The fabric of Britain as we know it is being ripped apart. So much is changing, almost behind our backs, we haven't got time to notice what is happening to us. And it is happening fast.

Tuesday, 13 December 2011

Does Every Disabled Child Matter?

Every Disabled Child Matters is asking that you email David Cameron to ask that the government rethink its decision to cut disability premiums awarded to families with disabled children.  This campaign is supported by Mumsnet.

I would also like to ask you to do this too.  For me, for my family and for the other thousands of families out there who will suffer real financial hardship if these reforms are allowed to go through.

The House of Lords voted these cuts through last night, so please spare a couple of minutes to do this.

It's not anything you have to word yourself, simply provide your details and it is done for you.  It takes no more than a couple of minutes.  Although if you do then please check your email after as no 10 will email you and if you don't click the link it won't go through.

Yesterday The Indpendent ran this article using my family to illustrate how the cumulative effects of cuts are going to affect families.  Whilst a good article it doesn't mention that the riding isn't just to calm my son, it's also to exercise his legs and trunk to try and help because physiotherapy resources are so scarce, it doesn't mention that it offers him a chance to socialise with his peers, something he finds almost impossible due to his autism.  Rhys isn't the only child with additional needs to use this riding school, there used to be a Riding for the Disabled group based there so their insurance is geared to children with additional needs.  It's not the most local stable, but the more local ones can't take him as they are not covered by insurance for children with additional needs like Rhys'.  So that incurs additional cost for transport.  A scenario all too common for those of us who have children with additional needs, sometimes the local option isn't viable for our children, like the Beavers Colony for my elder son - he has to go to an out of town Colony where the leaders have more experience with children with additional needs.

That article is actually the tip of the ice berg.  Now these cuts are happening I have to consider ending all the additional extra curricular activities I have in place for all three of my children, all of whom have autism amongst other complex needs, that I put in place to try and help their physical and social development in place of hideously overstretched NHS physiotherapy and speech and language provision.  I'll have no choice if it comes down to that or heat/eat.  On the surface of it many may say that's life, that in this recession many families are having to do without extra curricular 'treats', but in our case they're really not treats.  The long term effects of this could mean the difference between my children having a level of independence and being able to go out to work or being entirely dependent on what is left of the Welfare State for the rest of their lives.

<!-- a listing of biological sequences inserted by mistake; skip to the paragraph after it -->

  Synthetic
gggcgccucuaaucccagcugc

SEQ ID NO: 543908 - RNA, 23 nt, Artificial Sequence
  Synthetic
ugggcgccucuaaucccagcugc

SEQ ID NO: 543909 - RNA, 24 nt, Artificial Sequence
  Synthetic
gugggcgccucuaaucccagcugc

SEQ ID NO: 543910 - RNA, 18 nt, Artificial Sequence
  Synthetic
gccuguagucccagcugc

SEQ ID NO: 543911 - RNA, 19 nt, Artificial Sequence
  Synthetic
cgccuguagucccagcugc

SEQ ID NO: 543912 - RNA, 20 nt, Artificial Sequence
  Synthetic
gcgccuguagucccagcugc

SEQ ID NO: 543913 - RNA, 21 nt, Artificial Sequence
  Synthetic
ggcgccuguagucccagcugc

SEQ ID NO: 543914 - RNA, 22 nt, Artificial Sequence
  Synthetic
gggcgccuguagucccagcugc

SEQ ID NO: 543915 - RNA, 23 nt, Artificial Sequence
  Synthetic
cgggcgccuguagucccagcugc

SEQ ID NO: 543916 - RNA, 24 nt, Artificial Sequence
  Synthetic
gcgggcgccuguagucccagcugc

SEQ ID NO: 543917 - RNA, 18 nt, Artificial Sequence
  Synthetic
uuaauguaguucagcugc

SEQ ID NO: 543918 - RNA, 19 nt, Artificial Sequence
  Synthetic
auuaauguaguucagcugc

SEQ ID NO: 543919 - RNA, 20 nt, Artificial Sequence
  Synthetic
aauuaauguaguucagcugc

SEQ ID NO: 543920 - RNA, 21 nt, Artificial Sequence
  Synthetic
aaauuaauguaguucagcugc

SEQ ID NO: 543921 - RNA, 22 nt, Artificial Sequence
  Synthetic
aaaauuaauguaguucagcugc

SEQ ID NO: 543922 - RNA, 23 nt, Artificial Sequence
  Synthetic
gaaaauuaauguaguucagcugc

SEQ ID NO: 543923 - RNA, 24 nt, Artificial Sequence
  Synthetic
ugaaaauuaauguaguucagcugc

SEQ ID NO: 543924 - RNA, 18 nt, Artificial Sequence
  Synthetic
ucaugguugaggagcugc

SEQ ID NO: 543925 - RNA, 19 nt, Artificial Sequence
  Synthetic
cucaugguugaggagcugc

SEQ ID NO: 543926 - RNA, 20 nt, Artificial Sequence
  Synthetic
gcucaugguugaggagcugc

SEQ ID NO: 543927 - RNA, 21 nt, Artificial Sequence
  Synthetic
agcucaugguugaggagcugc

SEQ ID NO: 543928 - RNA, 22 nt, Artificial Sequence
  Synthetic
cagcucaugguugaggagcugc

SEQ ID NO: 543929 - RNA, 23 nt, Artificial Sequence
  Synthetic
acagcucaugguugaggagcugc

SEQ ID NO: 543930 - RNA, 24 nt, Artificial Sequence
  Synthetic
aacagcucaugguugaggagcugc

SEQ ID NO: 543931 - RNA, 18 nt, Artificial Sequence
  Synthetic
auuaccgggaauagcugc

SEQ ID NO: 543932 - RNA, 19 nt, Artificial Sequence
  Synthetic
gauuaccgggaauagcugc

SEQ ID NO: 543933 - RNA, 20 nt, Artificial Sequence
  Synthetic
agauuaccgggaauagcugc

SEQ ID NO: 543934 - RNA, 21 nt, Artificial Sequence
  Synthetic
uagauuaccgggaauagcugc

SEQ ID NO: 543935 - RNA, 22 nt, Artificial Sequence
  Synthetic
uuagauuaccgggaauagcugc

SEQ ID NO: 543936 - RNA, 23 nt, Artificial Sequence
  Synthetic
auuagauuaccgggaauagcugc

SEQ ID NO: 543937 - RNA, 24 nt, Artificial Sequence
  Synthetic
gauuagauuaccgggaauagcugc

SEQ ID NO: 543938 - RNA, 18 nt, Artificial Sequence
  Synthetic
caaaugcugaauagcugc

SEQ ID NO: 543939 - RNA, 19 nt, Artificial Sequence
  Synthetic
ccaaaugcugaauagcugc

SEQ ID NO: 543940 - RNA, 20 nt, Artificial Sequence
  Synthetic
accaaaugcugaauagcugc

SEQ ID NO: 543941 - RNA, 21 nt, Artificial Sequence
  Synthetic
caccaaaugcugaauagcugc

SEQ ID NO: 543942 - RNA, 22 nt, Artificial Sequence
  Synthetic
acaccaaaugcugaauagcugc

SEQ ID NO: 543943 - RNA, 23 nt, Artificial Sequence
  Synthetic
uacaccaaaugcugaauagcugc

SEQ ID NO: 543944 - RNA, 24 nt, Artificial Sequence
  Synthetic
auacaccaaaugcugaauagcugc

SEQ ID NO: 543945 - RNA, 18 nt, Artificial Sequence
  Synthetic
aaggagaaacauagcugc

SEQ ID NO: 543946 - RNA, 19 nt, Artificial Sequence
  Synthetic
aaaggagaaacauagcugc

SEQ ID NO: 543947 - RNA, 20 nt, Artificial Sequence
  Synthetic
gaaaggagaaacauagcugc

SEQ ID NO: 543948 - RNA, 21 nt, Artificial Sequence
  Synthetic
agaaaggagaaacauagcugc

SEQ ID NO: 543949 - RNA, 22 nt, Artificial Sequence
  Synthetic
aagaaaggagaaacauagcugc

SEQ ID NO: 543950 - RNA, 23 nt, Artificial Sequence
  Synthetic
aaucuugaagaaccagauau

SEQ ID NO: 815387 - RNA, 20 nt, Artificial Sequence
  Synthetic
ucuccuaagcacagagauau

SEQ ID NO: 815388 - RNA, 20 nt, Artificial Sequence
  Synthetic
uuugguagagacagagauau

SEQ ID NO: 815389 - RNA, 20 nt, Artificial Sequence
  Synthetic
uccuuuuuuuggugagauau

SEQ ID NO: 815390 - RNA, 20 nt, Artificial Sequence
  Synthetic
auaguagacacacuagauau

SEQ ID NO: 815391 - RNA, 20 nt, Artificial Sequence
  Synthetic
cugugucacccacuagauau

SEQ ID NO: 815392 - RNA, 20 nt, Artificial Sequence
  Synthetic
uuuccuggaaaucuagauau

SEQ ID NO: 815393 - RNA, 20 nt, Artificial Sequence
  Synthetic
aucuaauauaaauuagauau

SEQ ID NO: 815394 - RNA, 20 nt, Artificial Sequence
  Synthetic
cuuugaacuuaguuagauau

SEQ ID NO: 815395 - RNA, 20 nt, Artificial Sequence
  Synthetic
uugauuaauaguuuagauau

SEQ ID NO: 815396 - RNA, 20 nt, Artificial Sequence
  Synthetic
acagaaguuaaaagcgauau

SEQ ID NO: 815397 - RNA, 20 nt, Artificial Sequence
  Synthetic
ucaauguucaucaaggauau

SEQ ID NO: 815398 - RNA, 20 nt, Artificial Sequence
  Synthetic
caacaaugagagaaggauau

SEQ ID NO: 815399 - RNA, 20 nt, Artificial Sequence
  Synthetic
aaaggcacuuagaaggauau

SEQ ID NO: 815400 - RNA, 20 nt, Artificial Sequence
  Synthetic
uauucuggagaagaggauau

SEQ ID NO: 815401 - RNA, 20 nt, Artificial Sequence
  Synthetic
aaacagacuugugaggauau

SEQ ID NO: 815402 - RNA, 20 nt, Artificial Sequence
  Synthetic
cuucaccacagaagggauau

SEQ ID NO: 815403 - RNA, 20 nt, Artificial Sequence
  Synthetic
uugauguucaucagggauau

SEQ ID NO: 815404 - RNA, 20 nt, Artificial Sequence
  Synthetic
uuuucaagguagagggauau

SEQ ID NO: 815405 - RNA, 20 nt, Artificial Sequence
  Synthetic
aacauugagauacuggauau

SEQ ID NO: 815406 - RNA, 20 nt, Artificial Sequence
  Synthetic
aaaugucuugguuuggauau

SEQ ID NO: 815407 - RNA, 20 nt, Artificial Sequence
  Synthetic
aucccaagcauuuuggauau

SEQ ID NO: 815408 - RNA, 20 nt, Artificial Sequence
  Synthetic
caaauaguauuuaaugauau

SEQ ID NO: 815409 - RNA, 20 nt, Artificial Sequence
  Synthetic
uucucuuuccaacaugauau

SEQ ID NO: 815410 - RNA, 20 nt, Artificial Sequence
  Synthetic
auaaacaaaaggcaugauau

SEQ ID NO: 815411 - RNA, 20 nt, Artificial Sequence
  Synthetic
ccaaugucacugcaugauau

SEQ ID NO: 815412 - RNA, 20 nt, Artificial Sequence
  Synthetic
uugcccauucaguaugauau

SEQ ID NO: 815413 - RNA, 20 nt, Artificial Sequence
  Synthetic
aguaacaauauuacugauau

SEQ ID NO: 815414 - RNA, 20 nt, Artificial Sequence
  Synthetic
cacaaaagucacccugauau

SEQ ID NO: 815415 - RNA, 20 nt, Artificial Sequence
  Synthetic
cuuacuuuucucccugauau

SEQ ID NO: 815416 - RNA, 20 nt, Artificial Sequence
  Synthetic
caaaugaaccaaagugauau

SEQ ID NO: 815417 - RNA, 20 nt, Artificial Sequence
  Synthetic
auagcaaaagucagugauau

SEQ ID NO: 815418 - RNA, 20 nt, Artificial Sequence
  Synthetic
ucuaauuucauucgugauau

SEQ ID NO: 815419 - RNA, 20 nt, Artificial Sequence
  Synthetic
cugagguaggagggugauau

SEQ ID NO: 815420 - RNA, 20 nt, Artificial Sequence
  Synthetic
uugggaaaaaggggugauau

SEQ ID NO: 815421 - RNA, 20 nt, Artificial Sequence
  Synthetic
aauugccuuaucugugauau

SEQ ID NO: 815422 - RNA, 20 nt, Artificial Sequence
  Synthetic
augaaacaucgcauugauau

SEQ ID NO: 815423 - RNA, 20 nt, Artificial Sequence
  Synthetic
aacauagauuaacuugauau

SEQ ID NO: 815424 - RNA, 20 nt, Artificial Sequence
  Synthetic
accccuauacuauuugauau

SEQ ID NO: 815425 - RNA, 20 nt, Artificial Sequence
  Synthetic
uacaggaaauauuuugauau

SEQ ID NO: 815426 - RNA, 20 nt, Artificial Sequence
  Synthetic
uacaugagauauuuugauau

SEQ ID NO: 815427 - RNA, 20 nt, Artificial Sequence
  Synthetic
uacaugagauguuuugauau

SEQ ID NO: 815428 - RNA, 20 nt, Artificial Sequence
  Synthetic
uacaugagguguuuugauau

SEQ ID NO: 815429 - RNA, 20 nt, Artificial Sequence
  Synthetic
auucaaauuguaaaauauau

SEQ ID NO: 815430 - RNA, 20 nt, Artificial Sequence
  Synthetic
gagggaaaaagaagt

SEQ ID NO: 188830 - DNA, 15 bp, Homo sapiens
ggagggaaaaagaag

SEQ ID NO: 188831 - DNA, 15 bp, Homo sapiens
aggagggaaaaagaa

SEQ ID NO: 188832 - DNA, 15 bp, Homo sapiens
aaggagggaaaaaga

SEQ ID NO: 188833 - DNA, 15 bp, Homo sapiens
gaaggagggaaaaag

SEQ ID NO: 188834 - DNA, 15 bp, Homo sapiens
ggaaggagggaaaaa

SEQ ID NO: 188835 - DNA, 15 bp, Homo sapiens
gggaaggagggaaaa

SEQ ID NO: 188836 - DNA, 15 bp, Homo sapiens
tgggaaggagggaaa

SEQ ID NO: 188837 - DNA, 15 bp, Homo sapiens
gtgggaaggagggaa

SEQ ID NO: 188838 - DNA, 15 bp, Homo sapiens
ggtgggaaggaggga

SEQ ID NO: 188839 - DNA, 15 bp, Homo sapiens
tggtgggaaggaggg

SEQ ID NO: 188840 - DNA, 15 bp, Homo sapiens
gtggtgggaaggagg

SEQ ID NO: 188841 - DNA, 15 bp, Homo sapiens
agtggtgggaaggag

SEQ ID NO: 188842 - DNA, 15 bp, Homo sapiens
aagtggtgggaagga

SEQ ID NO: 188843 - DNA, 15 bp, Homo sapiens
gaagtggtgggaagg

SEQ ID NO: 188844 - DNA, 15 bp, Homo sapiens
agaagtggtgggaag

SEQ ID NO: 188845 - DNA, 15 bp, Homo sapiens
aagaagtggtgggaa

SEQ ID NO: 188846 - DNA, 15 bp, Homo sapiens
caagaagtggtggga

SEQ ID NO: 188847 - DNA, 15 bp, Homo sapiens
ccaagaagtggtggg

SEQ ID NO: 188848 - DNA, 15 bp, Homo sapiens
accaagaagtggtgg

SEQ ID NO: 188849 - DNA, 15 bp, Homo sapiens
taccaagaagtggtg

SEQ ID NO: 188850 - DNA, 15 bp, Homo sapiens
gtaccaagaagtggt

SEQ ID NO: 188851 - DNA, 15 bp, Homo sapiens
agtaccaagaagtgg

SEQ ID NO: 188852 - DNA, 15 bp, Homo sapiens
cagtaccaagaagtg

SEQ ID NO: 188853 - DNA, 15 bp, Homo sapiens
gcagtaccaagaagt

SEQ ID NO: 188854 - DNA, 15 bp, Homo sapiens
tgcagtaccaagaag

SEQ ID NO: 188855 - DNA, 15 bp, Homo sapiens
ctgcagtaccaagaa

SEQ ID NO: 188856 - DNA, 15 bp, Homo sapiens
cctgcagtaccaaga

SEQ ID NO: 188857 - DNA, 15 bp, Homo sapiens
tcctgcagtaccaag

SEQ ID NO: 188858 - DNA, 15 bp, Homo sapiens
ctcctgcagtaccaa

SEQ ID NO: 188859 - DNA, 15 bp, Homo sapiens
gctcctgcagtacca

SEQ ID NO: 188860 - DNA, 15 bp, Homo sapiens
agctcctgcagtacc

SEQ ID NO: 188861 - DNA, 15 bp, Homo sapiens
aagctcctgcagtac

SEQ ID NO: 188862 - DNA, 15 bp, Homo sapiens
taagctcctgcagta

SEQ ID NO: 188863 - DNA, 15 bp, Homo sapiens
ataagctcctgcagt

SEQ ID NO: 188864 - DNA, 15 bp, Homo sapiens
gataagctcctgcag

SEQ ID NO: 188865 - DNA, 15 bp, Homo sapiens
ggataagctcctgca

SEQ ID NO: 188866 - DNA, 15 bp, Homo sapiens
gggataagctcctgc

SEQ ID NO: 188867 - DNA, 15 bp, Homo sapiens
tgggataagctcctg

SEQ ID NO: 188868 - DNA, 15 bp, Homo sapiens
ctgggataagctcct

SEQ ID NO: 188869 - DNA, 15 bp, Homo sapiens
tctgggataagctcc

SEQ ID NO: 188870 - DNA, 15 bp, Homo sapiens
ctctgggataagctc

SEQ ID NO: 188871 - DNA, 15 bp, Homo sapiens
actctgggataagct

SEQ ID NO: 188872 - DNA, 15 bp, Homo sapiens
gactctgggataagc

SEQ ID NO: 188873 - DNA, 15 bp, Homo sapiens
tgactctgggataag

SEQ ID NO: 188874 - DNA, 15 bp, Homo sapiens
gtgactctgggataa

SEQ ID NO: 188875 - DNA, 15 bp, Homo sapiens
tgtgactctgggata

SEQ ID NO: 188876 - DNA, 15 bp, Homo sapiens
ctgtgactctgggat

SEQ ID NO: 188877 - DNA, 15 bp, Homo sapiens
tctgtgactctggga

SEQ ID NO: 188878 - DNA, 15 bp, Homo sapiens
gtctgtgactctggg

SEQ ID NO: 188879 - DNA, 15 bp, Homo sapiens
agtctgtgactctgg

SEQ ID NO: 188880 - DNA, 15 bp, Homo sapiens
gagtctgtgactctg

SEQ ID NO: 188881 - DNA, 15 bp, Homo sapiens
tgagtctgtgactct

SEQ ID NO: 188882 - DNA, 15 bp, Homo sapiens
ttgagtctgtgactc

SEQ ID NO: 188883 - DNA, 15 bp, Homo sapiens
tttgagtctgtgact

Like many parents I am ambitious for my children.  However rather than hoping they'll go to a good university and get a good career my ambitions for them are that they are happy, that they are able to live independently (albeit with some level of support) and that they are able to work.  Ever since my eldest was first diagnosed six years ago I have sought every bit of help and intervention that I can to achieve the best possible life outcomes for them.  With these cuts these ambitions may be impossible.

So what do these top ups cover?  Mainly they help where the DLA just isn't enough to cover the additional expense of having a child with additional needs.  The increased utility bills from the extra laundry we do (continence is not a strong point and when food is a sensory experience it gets everywhere) and obviously they are higher because we are home more than most.  Replacement of clothes that have been chewed or wrecked (another sensory thing plus a penchant for walking round on knees).  Awkward diets because they won't eat x or y one week and then the next they will eat x or y and not a or b.  And yes they would rather opt to starve so no they won't eat when they're hungry.  Increased fuel bills to get them to activities and to hospital appointments (no the mobility component doesn't quite cover it).  We have to run our own second car in addition to the Motability car as often we need to be in three places at once.  Replacing household items that have been hurled across the room and broken.  Child proofing the house to prevent them hurting/killing themselves.  This list is just the start.

Everything in our lives is a fight.  A fight for getting my children a decent education (four years fighting for statutory assessment), a fight for ensuring they get appropriate medical care (I had to transfer my daughter to another hospital to ensure she got prompt cardiac care), a fight for the disability living allowance awards they get.  I have appealed twice in the last 12 months about the decisions made for this DLA.  It's incredibly draining and sometimes I do hit rock bottom but I can't give up for my children.  And this is why I will ask you again now, sign the Every Disabled Child Matters email.  For me, for my children and for the other thousands of families out there living in fear today.